THE EARLY AMERICAN GIANT
The conduct of the the prehistoric races of this continent, in omitting that they did not leave any record that could have established their origin and customs. They managed things much better in Europe. When the cave-dwellers grew tired of their subterranean existence and decided to die, they had some consideration for those who were to come after them. They selected specimens of all the animals of the period, drew portraits of themselves on the handles of their toothbrushes and then laid down to die surrounded by these mute witnesses of their fondness for art and animals. Thus, when a British explorer finds a cave-dweller’s skeleton, with its accompanying cabinet of curiosities, he can at once assert that the cave-dwellers were contemporary with bears and toothbrushes, and has the great satisfaction of knowing that as soon as he can discover the date at which the cave-bear flourished in the British Islands, he will know the date at which the cave-dweller lived.
In North America, on the contrary, the earliest residents were sublimely selfish and cared nothing whatever for the archaeological feelings of subsequent generations. When a mound-builder died, he neither collected any extraneous bones nor took the slightest care of his own. Had he requested his surviving friends to look upon his corpse in the light of an antiquarian cornerstone and to bury in it a box containing the newspapers and coins of the period, there would be some pleasure in digging him up. Or if he had simply directed that his name and destination should be inexpensively stenciled on one of his largest bones, he could have saved us a great deal of unprofitable discussion as to his real character. But he did nothing of the sort, and in consequence, when we now find his skeleton, it is useless even to the coroner and entirely indistinguishable from the ordinary Indian skeleton.
The public will be unpleasantly reminded of this fallacious indifference to the future on the part of prehistoric Americans by the recent discovery of three unusually fine skeletons in Kentucky. A Louisville paper asserts that two men lately undertook to explore a cave which they accidentally discovered not far from that city. The entrance to the cave was small, but the explorers soon found themselves in a magnificent apartment, richly furnished with the most expensive and fashionable stalactites. In a corner of this hall stood a large stone family vault, which the two men promptly pried open. In it were found three skeletons, each nearly nine feet in height. The skeletons appear to have somewhat frightened the young men, for on seeing so extensive a collection of bones, they immediately dropped their torch and subsequently wandered in darkness for thirty-six hours before they found their way back to daylight and soda-water.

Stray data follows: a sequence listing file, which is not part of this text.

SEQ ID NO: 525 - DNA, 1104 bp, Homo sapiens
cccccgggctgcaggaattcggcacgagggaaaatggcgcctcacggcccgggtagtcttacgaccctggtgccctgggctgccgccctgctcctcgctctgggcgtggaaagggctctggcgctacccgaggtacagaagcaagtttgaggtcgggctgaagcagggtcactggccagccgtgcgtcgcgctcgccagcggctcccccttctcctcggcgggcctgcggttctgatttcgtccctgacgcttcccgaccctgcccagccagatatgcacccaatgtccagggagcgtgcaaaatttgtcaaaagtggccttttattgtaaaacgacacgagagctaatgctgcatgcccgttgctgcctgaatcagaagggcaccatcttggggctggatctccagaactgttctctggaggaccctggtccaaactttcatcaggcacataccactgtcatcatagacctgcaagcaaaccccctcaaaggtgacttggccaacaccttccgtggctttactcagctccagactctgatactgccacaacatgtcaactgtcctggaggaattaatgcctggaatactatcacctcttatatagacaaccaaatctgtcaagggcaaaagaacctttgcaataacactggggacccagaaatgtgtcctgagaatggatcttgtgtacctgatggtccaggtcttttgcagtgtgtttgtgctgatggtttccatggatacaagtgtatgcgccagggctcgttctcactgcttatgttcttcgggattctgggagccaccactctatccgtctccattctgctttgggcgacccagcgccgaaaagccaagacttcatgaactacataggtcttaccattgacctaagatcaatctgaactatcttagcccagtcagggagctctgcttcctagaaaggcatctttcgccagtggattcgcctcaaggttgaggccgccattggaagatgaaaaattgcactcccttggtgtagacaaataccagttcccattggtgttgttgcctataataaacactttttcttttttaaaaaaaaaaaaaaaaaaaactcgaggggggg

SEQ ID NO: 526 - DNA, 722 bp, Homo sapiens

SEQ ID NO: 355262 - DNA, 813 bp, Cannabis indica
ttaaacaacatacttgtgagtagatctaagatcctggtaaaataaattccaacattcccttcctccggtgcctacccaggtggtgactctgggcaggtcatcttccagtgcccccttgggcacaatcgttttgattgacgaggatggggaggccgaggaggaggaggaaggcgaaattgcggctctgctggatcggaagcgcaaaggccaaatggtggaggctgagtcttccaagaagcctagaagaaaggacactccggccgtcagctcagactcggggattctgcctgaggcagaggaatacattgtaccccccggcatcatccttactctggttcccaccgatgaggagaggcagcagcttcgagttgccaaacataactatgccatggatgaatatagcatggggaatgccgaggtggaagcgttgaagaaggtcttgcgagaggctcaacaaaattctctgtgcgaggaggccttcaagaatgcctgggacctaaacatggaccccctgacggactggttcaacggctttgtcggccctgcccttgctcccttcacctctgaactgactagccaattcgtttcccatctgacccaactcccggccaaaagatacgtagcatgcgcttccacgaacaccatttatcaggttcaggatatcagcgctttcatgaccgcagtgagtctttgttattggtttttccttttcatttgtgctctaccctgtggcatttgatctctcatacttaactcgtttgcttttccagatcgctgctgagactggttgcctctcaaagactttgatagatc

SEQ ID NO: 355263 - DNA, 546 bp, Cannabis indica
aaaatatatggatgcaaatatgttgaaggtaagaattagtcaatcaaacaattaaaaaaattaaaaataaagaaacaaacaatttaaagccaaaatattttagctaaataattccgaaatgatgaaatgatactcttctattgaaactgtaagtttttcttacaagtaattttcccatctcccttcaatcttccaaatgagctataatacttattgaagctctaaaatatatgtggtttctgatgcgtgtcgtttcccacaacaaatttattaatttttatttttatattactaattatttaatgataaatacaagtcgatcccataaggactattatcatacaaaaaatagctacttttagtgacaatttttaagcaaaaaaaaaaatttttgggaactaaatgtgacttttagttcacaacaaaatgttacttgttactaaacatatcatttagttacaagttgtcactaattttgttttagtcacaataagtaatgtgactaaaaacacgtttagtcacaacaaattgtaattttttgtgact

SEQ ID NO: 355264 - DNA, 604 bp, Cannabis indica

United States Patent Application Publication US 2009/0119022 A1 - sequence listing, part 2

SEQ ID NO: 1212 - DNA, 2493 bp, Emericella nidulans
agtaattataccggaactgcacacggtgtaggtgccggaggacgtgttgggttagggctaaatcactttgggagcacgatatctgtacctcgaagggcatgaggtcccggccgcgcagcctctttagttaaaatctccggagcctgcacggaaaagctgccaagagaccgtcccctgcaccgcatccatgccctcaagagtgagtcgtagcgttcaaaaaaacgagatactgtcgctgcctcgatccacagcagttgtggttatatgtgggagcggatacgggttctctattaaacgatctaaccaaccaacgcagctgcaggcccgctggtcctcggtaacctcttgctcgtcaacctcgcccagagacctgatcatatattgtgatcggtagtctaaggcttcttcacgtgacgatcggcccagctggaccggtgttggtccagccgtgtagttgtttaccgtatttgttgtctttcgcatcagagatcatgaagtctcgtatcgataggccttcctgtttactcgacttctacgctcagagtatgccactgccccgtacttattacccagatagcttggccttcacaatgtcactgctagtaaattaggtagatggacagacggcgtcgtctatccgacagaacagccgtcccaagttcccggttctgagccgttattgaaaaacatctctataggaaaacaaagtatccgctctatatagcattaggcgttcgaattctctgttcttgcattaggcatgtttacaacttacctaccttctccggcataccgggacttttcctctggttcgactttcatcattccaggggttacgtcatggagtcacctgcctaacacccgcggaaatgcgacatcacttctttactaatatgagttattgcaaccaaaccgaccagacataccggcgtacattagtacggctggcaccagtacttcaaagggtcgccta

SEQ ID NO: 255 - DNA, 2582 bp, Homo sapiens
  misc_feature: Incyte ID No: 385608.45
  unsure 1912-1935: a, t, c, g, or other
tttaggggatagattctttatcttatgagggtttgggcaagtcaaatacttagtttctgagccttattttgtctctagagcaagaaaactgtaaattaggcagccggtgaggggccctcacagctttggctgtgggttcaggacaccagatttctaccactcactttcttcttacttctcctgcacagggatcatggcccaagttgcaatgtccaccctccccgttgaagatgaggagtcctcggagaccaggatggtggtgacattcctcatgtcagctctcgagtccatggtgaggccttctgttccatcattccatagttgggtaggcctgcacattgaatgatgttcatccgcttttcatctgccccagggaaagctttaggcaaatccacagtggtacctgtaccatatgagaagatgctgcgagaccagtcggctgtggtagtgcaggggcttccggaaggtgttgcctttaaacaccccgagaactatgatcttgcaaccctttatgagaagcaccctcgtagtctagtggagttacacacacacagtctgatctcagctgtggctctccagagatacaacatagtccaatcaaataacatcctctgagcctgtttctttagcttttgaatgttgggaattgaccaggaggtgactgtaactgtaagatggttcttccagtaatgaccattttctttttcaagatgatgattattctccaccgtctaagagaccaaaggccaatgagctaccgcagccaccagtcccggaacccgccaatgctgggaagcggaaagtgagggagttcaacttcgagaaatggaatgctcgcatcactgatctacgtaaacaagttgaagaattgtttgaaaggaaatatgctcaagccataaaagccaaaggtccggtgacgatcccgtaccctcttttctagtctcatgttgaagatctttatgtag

Now, it is evident that these gigantic skeletons belonged to men very different from the men of the present day. A skeleton eight feet and ten inches in height would measure fully nine feet when dressed in even a thin suit of flesh. The tallest nine-foot giant is rarely more than six feet four inches high in private life and without his boots. And even giants of this quality are scarce and dear. The three genuine nine-foot men of Kentucky must have belonged to a race that is now entirely extinct, and hence it would be a matter of very great interest if we could learn who and what they were.
These prehistoric Kentuckians must have been possessed of a considerable share of selfishness and lack of curiosity. They could have easily afforded to be buried in a gorgeous family vault and hence could have easily afforded to decorate the vault with a plain and inexpensive doorplate. They could afford to pay the cost of having their heavy bodies carried a long distance into the cave before they were deposited in the vault, and it is reasonably certain that they did not
Obtain possession of so eligible a burial-place, the Louisville Courier-Journal remarks, and you may sleep well in your grave. The ancients were fully alive to the importance of a good sepulchre, and spared no pains to secure it. Even the beggar, who in life had not a rag to his back, and whose only property was a paper collar, a gilt sleeve-button or a cheap jack-knife, was buried with them. When we contrast this selfish parsimony with the generous forethought of the cave-dweller who died with a bear’s skull in one hand, a rhinoceros’ horn in the other, and with his pockets stuffed full of engraved tooth-brush handles, merely in order to please remote posterity, we can only blush for the selfish want of public spirit of the early American giant. Of course, the tale of the two young Kentuckian explorers needs confirmation. They may have made their alleged discovery while in an advanced state of hot whisky, or they may have manufactured their skeletons before finding them, with the view of adding to the attractions of the centennial exhibition. Whole panoramas of eccentric skeletons have been frequently seen in Kentucky and elsewhere, by men who have looked too frequently upon the whisky when it is hot and flavored with sugar and lemon-peel; and the story of the Cardiff giant reminds us that the manufacture of prehistoric men has already been attempted. Still, even if the early American giant proves to be a fact, we have no reason to hope that we shall ever find out what manner of man he was. It is only too evident that he was as inconsiderate as the early American cucumber, which insists upon running all over contiguous vegetable beds, without depositing sufficient cucumbers to atone for its trespass. He died and left no sign, and he deserves our hearty condemnation for his selfish carelessness.
Near Louisville Kentucky.
- The herald and mail. [volume], April 07, 1876, Image 1